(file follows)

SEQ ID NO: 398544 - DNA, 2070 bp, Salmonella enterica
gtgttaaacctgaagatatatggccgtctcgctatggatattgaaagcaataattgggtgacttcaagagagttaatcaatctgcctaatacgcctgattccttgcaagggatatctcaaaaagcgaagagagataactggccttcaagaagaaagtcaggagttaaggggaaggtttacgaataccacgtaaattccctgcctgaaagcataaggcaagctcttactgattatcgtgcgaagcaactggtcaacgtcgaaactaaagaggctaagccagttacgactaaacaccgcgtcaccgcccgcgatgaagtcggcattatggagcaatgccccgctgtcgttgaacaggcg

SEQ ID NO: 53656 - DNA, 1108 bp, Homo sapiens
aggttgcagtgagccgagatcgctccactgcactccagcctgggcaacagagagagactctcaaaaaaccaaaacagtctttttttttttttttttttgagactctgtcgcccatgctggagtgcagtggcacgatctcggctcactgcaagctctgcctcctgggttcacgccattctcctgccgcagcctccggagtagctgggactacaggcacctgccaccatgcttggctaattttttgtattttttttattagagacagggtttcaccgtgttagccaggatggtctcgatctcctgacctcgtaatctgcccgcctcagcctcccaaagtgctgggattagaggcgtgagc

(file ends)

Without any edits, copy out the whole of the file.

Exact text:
SEQ ID NO: 398544 - DNA, 2070 bp, Salmonella enterica
gtgttaaacctgaagatatatggccgtctcgctatggatattgaaagcaataattgggtgacttcaagagagttaatcaatctgcctaatacgcctgattccttgcaagggatatctcaaaaagcgaagagagataactggccttcaagaagaaagtcaggagttaaggggaaggtttacgaataccacgtaaattccctgcctgaaagcataaggcaagctcttactgattatcgtgcgaagcaactggtcaacgtcgaaactaaagaggctaagccagttacgactaaacaccgcgtcaccgcccgcgatgaagtcggcattatggagcaatgccccgctgtcgttgaacaggcg

SEQ ID NO: 53656 - DNA, 1108 bp, Homo sapiens
aggttgcagtgagccgagatcgctccactgcactccagcctgggcaacagagagagactctcaaaaaaccaaaacagtctttttttttttttttttttgagactctgtcgcccatgctggagtgcagtggcacgatctcggctcactgcaagctctgcctcctgggttcacgccattctcctgccgcagcctccggagtagctgggactacaggcacctgccaccatgcttggctaattttttgtattttttttattagagacagggtttcaccgtgttagccaggatggtctcgatctcctgacctcgtaatctgcccgcctcagcctcccaaagtgctgggattagaggcgtgagc